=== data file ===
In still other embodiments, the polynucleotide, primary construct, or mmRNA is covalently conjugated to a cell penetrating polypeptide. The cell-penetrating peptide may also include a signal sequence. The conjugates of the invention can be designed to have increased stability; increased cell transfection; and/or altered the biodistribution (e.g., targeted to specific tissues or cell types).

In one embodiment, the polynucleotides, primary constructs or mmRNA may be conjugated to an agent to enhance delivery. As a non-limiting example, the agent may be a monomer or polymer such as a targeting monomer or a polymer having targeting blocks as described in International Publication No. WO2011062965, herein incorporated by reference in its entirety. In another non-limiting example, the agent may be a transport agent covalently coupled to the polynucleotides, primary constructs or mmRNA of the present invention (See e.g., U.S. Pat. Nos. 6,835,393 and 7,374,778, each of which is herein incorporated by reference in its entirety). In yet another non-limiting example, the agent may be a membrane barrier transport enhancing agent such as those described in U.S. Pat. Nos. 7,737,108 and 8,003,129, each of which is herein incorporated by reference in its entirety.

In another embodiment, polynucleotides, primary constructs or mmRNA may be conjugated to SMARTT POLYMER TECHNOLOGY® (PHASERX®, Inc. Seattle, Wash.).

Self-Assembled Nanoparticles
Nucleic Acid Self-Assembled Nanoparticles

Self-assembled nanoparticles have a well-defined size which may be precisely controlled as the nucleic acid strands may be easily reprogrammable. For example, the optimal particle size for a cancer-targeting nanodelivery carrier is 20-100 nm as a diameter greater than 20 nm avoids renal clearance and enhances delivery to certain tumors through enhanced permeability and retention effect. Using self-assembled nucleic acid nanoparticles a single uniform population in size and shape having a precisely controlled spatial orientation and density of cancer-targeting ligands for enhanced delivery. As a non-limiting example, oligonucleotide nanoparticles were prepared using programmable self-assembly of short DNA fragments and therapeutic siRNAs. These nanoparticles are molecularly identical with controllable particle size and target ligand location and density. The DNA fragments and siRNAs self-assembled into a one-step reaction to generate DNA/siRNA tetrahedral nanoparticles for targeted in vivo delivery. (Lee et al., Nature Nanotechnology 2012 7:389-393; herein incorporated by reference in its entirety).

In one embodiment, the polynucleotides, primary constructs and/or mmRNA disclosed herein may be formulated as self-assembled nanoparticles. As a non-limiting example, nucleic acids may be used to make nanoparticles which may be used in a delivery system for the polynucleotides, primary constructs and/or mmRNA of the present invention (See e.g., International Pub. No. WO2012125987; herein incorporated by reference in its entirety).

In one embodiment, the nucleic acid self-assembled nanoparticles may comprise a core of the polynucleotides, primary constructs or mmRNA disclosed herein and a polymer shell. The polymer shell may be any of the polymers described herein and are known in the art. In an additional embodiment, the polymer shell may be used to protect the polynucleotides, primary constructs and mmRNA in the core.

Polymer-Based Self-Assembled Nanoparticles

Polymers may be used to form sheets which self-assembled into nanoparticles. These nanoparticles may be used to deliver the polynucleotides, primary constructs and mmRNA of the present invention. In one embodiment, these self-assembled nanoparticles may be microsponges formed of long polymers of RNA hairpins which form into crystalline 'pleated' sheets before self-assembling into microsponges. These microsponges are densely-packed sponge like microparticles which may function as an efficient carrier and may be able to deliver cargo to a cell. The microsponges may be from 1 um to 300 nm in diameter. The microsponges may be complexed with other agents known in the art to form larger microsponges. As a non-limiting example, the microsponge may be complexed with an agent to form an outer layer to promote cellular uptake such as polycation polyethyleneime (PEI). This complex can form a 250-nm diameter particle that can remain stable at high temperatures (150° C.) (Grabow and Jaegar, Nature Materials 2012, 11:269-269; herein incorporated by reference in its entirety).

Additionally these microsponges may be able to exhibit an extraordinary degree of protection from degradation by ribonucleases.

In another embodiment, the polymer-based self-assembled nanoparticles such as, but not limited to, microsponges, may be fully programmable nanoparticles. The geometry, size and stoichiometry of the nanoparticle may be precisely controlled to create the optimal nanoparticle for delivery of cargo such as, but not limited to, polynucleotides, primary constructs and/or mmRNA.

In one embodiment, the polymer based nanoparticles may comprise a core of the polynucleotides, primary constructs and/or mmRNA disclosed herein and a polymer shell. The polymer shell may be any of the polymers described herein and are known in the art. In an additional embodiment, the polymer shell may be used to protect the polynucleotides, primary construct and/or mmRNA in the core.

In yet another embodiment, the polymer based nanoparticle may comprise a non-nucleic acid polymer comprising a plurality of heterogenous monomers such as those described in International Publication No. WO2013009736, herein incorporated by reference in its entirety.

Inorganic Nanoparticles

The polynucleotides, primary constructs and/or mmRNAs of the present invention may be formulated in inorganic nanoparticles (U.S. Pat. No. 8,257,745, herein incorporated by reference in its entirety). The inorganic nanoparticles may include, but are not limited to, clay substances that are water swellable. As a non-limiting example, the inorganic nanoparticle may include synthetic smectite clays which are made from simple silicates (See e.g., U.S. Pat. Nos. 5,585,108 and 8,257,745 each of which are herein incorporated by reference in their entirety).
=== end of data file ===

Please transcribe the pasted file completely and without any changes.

In still other embodiments, the polynucleotide, primary construct, or mmRNA is covalently conjugated to a cell penetrating polypeptide. The cell-penetrating peptide may also include a signal sequence. The conjugates of the invention can be designed to have increased stability; increased cell transfection; and/or altered the biodistribution (e.g., targeted to specific tissues or cell types).

In one embodiment, the polynucleotides, primary constructs or mmRNA may be conjugated to an agent to enhance delivery. As a non-limiting example, the agent may be a monomer or polymer such as a targeting monomer or a polymer having targeting blocks as described in International Publication No. WO2011062965, herein incorporated by reference in its entirety. In another non-limiting example, the agent may be a transport agent covalently coupled to the polynucleotides, primary constructs or mmRNA of the present invention (See e.g., U.S. Pat. Nos. 6,835,393 and 7,374,778, each of which is herein incorporated by reference in its entirety). In yet another non-limiting example, the agent may be a membrane barrier transport enhancing agent such as those described in U.S. Pat. Nos. 7,737,108 and 8,003,129, each of which is herein incorporated by reference in its entirety.

In another embodiment, polynucleotides, primary constructs or mmRNA may be conjugated to SMARTT POLYMER TECHNOLOGY® (PHASERX®, Inc. Seattle, Wash.).

Self-Assembled Nanoparticles
Nucleic Acid Self-Assembled Nanoparticles

Self-assembled nanoparticles have a well-defined size which may be precisely controlled as the nucleic acid strands may be easily reprogrammable. For example, the optimal particle size for a cancer-targeting nanodelivery carrier is 20-100 nm as a diameter greater than 20 nm avoids renal clearance and enhances delivery to certain tumors through enhanced permeability and retention effect. Using self-assembled nucleic acid nanoparticles a single uniform population in size and shape having a precisely controlled spatial orientation and density of cancer-targeting ligands for enhanced delivery. As a non-limiting example, oligonucleotide nanoparticles were prepared using programmable self-assembly of short DNA fragments and therapeutic siRNAs. These nanoparticles are molecularly identical with controllable particle size and target ligand location and density. The DNA fragments and siRNAs self-assembled into a one-step reaction to generate DNA/siRNA tetrahedral nanoparticles for targeted in vivo delivery. (Lee et al., Nature Nanotechnology 2012 7:389-393; herein incorporated by reference in its entirety).

In one embodiment, the polynucleotides, primary constructs and/or mmRNA disclosed herein may be formulated as self-assembled nanoparticles. As a non-limiting example, nucleic acids may be used to make nanoparticles which may be used in a delivery system for the polynucleotides, primary constructs and/or mmRNA of the present invention (See e.g., International Pub. No. WO2012125987; herein incorporated by reference in its entirety).

In one embodiment, the nucleic acid self-assembled nanoparticles may comprise a core of the polynucleotides, primary constructs or mmRNA disclosed herein and a polymer shell. The polymer shell may be any of the polymers described herein and are known in the art. In an additional embodiment, the polymer shell may be used to protect the polynucleotides, primary constructs and mmRNA in the core.

Polymer-Based Self-Assembled Nanoparticles

Polymers may be used to form sheets which self-assembled into nanoparticles. These nanoparticles may be used to deliver the polynucleotides, primary constructs and mmRNA of the present invention. In one embodiment, these self-assembled nanoparticles may be microsponges formed of long polymers of RNA hairpins which form into crystalline 'pleated' sheets before self-assembling into microsponges. These microsponges are densely-packed sponge like microparticles which may function as an efficient carrier and may be able to deliver cargo to a cell. The microsponges may be from 1 um to 300 nm in diameter. The microsponges may be complexed with other agents known in the art to form larger microsponges. As a non-limiting example, the microsponge may be complexed with an agent to form an outer layer to promote cellular uptake such as polycation polyethyleneime (PEI). This complex can form a 250-nm diameter particle that can remain stable at high temperatures (150° C.) (Grabow and Jaegar, Nature Materials 2012, 11:269-269; herein incorporated by reference in its entirety).

Additionally these microsponges may be able to exhibit an extraordinary degree of protection from degradation by ribonucleases.

In another embodiment, the polymer-based self-assembled nanoparticles such as, but not limited to, microsponges, may be fully programmable nanoparticles. The geometry, size and stoichiometry of the nanoparticle may be precisely controlled to create the optimal nanoparticle for delivery of cargo such as, but not limited to, polynucleotides, primary constructs and/or mmRNA.

In one embodiment, the polymer based nanoparticles may comprise a core of the polynucleotides, primary constructs and/or mmRNA disclosed herein and a polymer shell. The polymer shell may be any of the polymers described herein and are known in the art. In an additional embodiment, the polymer shell may be used to protect the polynucleotides, primary construct and/or mmRNA in the core.

In yet another embodiment, the polymer based nanoparticle may comprise a non-nucleic acid polymer comprising a plurality of heterogenous monomers such as those described in International Publication No. WO2013009736, herein incorporated by reference in its entirety.

Inorganic Nanoparticles

The polynucleotides, primary constructs and/or mmRNAs of the present invention may be formulated in inorganic nanoparticles (U.S. Pat. No. 8,257,745, herein incorporated by reference in its entirety). The inorganic nanoparticles may include, but are not limited to, clay substances that are water swellable. As a non-limiting example, the inorganic nanoparticle may include synthetic smectite clays which are made from simple silicates (See e.g., U.S. Pat. Nos. 5,585,108 and 8,257,745 each of which are herein incorporated by reference in their entirety).